If you’re wondering what an acceptance letter is, you should read this. Here’s what it is: the letter you need to write to the graduate program that’s accepted you and the one which you plan to attend.
Why do you need to write it? You need to accept an offer formally. This means you need to write it. And it needs to be good. Really good. And really short.
Why? It shows your commitment to the program and respect to the program faculty who accepted it.
Follow these simple steps to writing a great acceptance letter.
1. Take your time…
…But not too much time. Regardless of how you’re notified—phone, email, or formal letter, don’t say yes immediately. This can be hard, especially if you receive a phone call.
Why shouldn’t you accept immediately? Give yourself time to think, share your good news with family and friends, and most importantly, thank those who helped you earn that acceptance.
Within one to two weeks of learning of your acceptance, write a thoughtful letter accepting the offer.
Keep it short, sweet, and to the point. Your first sentence should state something to the effect of this:
“I am writing to accept your offer to enroll in [program] at [university].”
2. Be enthusiastic.
While it’s great to be excited and to express your excitement, your acceptance letter shouldn’t have exclamation points! At all!
Something like this works well:
“I am delighted to accept your invitation to begin graduate studies at [university].
Bottom line? Make it clear that you’re happy to be there and looking forward to it.
3. Discuss important or upcoming issues.
This is the place to address anything that was brought up in the acceptance phone call, email, or acceptance letter.
Make sure that your student ID number is obvious, if necessary, and ensure that you’ve clearly stated the program to which you’ve been accepted. If, in the acceptance, you’re invited to an open house or a department meeting, indicate that you will attend. If you need to make an appointment with your advisor, indicate that you will.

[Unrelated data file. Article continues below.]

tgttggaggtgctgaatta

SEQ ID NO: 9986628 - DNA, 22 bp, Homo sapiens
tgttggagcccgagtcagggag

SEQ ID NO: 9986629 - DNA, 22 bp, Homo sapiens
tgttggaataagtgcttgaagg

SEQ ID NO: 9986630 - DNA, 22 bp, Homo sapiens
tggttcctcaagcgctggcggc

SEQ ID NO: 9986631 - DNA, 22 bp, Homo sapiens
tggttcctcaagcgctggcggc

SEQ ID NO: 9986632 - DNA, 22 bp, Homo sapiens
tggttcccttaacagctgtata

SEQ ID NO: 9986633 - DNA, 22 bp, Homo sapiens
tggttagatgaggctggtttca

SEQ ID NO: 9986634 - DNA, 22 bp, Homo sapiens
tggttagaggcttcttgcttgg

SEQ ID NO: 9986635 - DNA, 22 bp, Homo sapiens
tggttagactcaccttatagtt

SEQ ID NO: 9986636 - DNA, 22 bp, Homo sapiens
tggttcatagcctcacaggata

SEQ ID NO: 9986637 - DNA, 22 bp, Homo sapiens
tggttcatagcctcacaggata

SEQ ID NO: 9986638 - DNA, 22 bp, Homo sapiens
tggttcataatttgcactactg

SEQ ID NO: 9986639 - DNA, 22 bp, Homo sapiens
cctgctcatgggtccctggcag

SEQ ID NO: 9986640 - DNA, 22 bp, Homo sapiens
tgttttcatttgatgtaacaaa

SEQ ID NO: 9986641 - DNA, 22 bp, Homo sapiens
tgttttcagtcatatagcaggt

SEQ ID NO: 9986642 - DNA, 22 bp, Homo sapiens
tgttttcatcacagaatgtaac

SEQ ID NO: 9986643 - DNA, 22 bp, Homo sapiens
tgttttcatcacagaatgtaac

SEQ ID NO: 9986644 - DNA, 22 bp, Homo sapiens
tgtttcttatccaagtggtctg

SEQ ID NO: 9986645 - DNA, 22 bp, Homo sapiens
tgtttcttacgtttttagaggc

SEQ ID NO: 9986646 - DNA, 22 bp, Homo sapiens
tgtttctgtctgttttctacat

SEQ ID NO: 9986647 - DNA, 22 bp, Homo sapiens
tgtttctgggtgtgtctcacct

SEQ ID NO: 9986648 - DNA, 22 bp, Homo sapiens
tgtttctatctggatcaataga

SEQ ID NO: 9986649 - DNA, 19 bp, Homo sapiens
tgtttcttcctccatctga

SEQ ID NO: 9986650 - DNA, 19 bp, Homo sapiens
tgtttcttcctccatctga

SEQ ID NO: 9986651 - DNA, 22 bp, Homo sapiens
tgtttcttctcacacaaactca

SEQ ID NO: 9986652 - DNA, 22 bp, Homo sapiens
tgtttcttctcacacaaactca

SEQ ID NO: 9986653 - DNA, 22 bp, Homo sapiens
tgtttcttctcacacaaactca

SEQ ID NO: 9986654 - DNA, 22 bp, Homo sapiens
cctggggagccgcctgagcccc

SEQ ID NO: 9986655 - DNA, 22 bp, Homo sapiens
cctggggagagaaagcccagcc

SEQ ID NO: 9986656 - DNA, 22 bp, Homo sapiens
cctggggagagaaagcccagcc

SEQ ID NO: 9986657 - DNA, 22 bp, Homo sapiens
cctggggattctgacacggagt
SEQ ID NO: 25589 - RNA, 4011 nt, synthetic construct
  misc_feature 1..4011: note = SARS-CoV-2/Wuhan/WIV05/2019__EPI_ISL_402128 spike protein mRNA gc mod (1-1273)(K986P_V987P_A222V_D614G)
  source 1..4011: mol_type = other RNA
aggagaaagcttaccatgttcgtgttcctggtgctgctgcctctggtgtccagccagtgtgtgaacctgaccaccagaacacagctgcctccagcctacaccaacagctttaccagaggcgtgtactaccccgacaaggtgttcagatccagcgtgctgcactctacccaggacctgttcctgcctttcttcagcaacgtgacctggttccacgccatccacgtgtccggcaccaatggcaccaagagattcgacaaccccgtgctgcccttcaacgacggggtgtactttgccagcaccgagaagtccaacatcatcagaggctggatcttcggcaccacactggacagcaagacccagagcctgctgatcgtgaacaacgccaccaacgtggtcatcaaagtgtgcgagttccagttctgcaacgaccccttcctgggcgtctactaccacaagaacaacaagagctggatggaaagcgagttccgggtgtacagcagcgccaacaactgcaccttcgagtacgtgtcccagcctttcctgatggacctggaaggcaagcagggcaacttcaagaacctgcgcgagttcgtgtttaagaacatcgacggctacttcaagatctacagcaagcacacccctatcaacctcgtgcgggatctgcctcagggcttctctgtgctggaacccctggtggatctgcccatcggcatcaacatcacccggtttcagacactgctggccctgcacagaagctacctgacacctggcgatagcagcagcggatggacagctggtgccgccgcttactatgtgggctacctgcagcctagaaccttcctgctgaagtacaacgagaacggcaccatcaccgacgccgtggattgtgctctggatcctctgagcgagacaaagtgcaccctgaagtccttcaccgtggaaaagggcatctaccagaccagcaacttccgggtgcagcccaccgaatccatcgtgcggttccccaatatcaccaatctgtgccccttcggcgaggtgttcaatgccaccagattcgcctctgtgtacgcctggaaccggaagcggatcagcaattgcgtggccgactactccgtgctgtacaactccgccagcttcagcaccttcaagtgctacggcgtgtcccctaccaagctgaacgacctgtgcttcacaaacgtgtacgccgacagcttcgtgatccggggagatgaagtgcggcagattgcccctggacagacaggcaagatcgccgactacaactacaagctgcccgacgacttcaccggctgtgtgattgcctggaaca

Sometimes, formal acceptance letters from universities ask you about housing or indicate paperwork that you need to fill out.
Address their requests succinctly. If you’ll need housing, state it, and state the presence of any attachments with your letter (see #4).
4. List all the attachments.
Any forms that your program or university sent should be returned with your acceptance letter, and listed at the end. If you’re sending payment, please indicate that too.
Your list of attachments can be in bullet form after your closing, or summed up in a closing paragraph.
5. End politely.
Thank the admissions committee again for their offer and indicate your excitement. End with “Yours truly” or “Sincerely” in closing. Be sure to leave space for your signature. Write your name, address, phone number, and e-mail address.
6. Don’t forget to write your declined offer letters, too.
Hopefully, you received more offers than you can accept. Be sure to write polite letters declining the offers you don’t intend to accept.
Make it short, direct, and respectful.
Bottom line? Don’t burn any bridges that you may need to cross in the future. You never know, do you?
Congratulations! You’ve written your acceptance letter. Now off you go!
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